The indirect Palestinian-Israeli negotiations are expected to resume in Cairo on Sept. 23 to discuss a permanent cease-fire, with little hope of a breakthrough.
In an interview with Al-Monitor, an Egyptian official, who is close to the upcoming negotiations, said that talks will be tough between the two sides. The source explained that the two parties stand on opposite sides, far apart. The Israeli delegation is expected to demand the disarmament of the Gaza Strip, while Hamas will demand the construction of a seaport, the operation of the airport and the release of Palestinian prisoners in exchange for delivery of the bodies of Israeli soldiers.
This means that this upcoming round will not be the last, in light of the difficulty in settling these major issues. The next round has yet to be scheduled.
“The option of military operations in case of failure of the upcoming negotiations between the two sides is not on the table at all since the cease-fire agreement clearly specifies the cessation of all land, sea and air hostilities between Gaza and Israel. [It also] provides for refraining from any ground invasion operations of Gaza and the targeting of civilians and for halting the firing of rockets and various types of attacks on the border,” the source said.
Regarding the possibility of renewed military confrontation in Gaza with the start of Palestinian-Israeli negotiations in Cairo, the source indicated that the situation in Gaza has remained unchanged after the end of the war and will only worsen.
A senior official in Hamas told Al-Monitor, “Gaza is racing against time in terms of agreeing on the mechanisms for reconstruction as winter is approaching and the shelters, which house tens of thousands of citizens whose homes were ruined, do not protect Palestinians from the cold winter weather. This is why Hamas is counting heavily on the settlement of issues related to the opening of crossings and the lifting of the siege. However, the failure to settle these issues at once and as fast as we want does not necessarily mean going back to the option of armed confrontation with Israel — the cost of such option is exorbitantly high.”
On the other hand, Mousa Abu Marzouk, deputy head of Hamas' political bureau, on Sept. 19 pointed out that Hamas does not want another war with Israel, but suggested that more fighting is inevitable if no agreement is reached to open the crossings. “The failure of negotiations in Cairo and not lifting the blockade could lead to another war, even though we do not want this. I think that the Israelis do not want to see this war happen again,” said Abu Marzouk.
In a separate incident, on Sept. 16, Hamas’ security apparatus in Gaza arrested two Salafist jihadists in connection with the firing of rockets from Gaza into southern Israel. The pair had acted individually and launched the rockets without any order being issued by their leadership. Hamas informed Salafist leaders in Gaza that it had arrested the two members, and that they will crack down on those launching rockets and not allow anyone to violate the Palestinian consensus to end the war or observe the cease-fire.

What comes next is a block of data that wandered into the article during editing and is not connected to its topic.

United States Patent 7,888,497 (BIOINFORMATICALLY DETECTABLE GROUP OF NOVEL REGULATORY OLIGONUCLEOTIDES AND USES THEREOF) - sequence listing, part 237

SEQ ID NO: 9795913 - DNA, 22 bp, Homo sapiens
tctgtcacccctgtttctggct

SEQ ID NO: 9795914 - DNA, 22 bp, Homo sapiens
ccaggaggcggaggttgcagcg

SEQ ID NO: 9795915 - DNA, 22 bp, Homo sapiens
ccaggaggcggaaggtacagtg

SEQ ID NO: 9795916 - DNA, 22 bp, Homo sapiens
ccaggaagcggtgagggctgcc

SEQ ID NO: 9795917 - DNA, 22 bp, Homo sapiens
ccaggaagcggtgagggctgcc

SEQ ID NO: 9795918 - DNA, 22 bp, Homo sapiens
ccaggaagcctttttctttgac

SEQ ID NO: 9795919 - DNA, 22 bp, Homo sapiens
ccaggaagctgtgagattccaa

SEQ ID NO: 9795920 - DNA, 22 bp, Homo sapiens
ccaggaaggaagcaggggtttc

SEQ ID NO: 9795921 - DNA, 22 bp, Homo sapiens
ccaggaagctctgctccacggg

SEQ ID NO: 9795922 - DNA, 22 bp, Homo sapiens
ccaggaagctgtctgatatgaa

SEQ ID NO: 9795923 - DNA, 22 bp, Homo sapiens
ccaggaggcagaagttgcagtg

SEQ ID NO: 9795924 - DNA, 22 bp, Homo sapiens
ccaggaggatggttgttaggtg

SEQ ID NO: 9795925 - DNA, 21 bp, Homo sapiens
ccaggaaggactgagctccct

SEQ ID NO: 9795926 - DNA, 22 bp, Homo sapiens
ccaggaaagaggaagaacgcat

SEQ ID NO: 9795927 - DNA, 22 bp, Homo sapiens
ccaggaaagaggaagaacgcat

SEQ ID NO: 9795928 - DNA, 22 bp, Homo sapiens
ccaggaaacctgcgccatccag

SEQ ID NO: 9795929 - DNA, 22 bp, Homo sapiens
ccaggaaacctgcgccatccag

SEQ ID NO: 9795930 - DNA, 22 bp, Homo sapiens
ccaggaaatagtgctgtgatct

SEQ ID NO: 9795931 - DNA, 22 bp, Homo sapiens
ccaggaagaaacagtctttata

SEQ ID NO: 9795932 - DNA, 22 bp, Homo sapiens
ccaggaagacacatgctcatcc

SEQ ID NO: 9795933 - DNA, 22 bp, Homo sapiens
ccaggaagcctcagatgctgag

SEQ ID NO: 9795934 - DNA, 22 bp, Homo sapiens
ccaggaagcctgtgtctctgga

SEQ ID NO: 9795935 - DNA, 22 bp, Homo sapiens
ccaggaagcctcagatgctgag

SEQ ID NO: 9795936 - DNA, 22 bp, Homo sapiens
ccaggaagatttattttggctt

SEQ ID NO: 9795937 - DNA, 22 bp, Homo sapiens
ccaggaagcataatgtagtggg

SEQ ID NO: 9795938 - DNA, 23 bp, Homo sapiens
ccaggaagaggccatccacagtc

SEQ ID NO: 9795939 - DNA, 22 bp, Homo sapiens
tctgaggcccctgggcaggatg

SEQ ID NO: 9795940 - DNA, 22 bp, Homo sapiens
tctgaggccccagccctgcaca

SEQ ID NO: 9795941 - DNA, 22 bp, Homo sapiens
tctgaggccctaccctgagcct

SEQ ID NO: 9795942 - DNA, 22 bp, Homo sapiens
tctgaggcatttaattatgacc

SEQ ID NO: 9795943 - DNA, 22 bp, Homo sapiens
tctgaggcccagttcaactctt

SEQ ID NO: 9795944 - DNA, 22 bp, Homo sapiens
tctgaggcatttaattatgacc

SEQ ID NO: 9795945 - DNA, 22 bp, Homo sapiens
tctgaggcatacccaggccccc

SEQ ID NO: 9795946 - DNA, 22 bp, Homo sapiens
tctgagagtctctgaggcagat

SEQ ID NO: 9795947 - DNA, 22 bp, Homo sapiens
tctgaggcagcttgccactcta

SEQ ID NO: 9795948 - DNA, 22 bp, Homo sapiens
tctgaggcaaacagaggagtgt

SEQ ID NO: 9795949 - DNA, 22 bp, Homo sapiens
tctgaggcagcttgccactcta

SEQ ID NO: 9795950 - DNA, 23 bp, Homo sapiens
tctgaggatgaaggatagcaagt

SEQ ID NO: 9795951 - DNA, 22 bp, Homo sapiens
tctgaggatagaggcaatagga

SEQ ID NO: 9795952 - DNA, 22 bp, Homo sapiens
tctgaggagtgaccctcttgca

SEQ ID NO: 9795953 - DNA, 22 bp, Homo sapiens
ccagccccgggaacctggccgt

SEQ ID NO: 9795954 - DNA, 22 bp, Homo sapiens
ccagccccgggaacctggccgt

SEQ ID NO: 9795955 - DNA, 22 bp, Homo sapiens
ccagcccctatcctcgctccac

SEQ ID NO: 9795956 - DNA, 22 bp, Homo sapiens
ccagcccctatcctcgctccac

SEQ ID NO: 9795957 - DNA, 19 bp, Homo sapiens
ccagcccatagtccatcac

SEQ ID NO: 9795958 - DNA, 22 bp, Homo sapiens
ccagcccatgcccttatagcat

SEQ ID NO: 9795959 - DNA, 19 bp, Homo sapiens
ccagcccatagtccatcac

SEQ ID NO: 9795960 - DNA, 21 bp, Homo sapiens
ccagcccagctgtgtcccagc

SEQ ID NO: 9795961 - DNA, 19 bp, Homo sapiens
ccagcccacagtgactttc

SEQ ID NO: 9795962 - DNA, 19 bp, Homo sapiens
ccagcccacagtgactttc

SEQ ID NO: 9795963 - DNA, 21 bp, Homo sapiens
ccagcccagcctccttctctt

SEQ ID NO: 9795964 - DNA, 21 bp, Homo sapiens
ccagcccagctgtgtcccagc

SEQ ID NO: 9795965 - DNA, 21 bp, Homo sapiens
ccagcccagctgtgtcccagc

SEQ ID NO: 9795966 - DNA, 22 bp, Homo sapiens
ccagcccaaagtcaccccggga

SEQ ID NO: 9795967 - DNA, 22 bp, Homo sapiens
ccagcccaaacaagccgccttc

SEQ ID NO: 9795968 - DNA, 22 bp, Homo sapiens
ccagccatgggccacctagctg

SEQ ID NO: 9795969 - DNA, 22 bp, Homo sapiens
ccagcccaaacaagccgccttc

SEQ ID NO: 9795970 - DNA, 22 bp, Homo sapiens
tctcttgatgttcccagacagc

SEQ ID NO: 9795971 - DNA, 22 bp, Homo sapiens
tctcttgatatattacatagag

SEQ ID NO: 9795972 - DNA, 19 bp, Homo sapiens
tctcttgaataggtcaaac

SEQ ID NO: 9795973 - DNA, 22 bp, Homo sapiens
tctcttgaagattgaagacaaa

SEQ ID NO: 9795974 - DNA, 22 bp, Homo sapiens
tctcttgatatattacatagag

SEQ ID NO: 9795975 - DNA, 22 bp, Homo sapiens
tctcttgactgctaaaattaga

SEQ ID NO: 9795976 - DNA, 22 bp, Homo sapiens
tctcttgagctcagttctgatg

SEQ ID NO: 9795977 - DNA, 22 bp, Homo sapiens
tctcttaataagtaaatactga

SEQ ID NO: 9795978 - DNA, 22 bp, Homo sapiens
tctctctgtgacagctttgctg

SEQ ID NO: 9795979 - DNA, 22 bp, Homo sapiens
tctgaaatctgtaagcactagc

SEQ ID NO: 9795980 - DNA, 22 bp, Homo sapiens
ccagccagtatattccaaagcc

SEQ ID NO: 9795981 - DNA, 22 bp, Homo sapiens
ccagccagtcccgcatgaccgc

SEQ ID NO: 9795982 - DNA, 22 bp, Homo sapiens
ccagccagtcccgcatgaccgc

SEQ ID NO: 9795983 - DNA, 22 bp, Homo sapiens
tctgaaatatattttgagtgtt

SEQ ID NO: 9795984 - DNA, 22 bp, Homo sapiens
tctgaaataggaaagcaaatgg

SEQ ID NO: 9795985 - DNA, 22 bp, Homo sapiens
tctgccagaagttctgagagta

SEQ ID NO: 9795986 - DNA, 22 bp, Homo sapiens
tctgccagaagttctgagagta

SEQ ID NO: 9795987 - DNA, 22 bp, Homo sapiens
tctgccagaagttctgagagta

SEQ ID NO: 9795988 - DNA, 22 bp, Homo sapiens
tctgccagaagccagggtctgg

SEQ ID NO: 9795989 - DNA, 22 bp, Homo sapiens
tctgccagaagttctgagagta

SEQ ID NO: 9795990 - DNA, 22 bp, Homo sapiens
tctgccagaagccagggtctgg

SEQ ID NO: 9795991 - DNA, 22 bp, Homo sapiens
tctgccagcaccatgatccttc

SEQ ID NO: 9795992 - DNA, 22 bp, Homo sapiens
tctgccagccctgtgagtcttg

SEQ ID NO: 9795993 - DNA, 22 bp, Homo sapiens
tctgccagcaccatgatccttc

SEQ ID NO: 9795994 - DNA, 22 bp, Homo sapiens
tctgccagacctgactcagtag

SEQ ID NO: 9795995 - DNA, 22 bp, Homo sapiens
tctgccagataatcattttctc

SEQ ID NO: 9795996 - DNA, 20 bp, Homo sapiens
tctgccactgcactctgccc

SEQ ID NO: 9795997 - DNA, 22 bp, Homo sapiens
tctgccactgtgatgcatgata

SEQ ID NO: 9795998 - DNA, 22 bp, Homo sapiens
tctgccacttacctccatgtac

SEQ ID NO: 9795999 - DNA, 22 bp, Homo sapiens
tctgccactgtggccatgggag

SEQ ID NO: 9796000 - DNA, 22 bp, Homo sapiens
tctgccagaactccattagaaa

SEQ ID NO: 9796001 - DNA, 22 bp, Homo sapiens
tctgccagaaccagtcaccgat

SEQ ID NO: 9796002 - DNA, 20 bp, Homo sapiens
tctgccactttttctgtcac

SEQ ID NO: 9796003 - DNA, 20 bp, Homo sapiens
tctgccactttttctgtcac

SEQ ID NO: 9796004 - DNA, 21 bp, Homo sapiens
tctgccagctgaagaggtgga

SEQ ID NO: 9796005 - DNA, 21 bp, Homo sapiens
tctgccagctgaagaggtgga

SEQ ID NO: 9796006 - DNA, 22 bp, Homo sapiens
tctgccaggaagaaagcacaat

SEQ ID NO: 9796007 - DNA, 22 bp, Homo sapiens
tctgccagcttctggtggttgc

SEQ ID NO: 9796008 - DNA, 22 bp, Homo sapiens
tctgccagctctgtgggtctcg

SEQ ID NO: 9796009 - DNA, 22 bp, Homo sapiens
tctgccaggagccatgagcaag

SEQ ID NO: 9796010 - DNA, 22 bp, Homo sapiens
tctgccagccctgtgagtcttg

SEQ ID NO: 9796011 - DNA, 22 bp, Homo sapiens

It is worth mentioning that directly after the end of the war on Aug. 28, Hamas redeployed a 600-strong special security force that operates 24 hours on Gaza’s borders to prevent cross-border rocket fire into Israel.
A Hamas security official told Al-Monitor, “Gaza’s border will not be violated by any group firing rockets at Israel in light of a national consensus for a cease-fire. The security services in Gaza are tasked with preserving the security of the people here, preventing Israel from having any excuse to renounce the upcoming negotiations or escalate the situation on the ground and allowing the political leadership to implement the cease-fire agreement. This is our decision and we will not allow tampering with Gaza’s internal security under any circumstance whatsoever.”
Hamas’ unwillingness to renew armed confrontation with Israel coincided with concrete steps by the movement in Gaza to repair the damage caused by the recent war. Hamas facilitated the work of some local and international institutions to collect statistical data on the damage and distribute funds for those who were affected. The movement also secured apartments for those whose homes were entirely destroyed and started to renovate partially damaged houses. In this respect, a finance official in Hamas confirmed to Al-Monitor that so far this totaled $32 million.
In a meeting of academics on Sept. 15 in Gaza, attended by Al-Monitor, Abu Marzouk stated that the Palestinian Authority (PA) could begin the process of reconstruction of the Gaza Strip as of today, through funds it had received to the value of $100 million, without the need to wait for the donor conference next month.
This prompted an official with the national consensus government to deny the receipt of funds enabling the government to start the reconstruction of Gaza, since only emergency relief had been received to meet the urgent needs of the population, such as to provide housing, food and medicine, especially for near 100,000 displaced people in the Gaza Strip.
Hamas officials abroad told Al-Monitor that in recent weeks the movement organized a number of gatherings in numerous Arab and Islamic capitals to celebrate the victory of Gaza — including in Ankara, Algiers, Doha, Beirut, Amman and Kuala Lumpur — and that during these events donations were made by businessmen, charitable organizations, companies and citizens for the relief to those affected by the war in Gaza. The officials did not state the exact amount, but referred to millions of dollars allocated to the intended recipients in Gaza.
Fatah’s official spokesman, Ahmad Assaf, said that, in recent weeks, the Hamas leadership in Gaza had received $700 million to help Gaza residents, but that these funds have not reached their intended destination yet.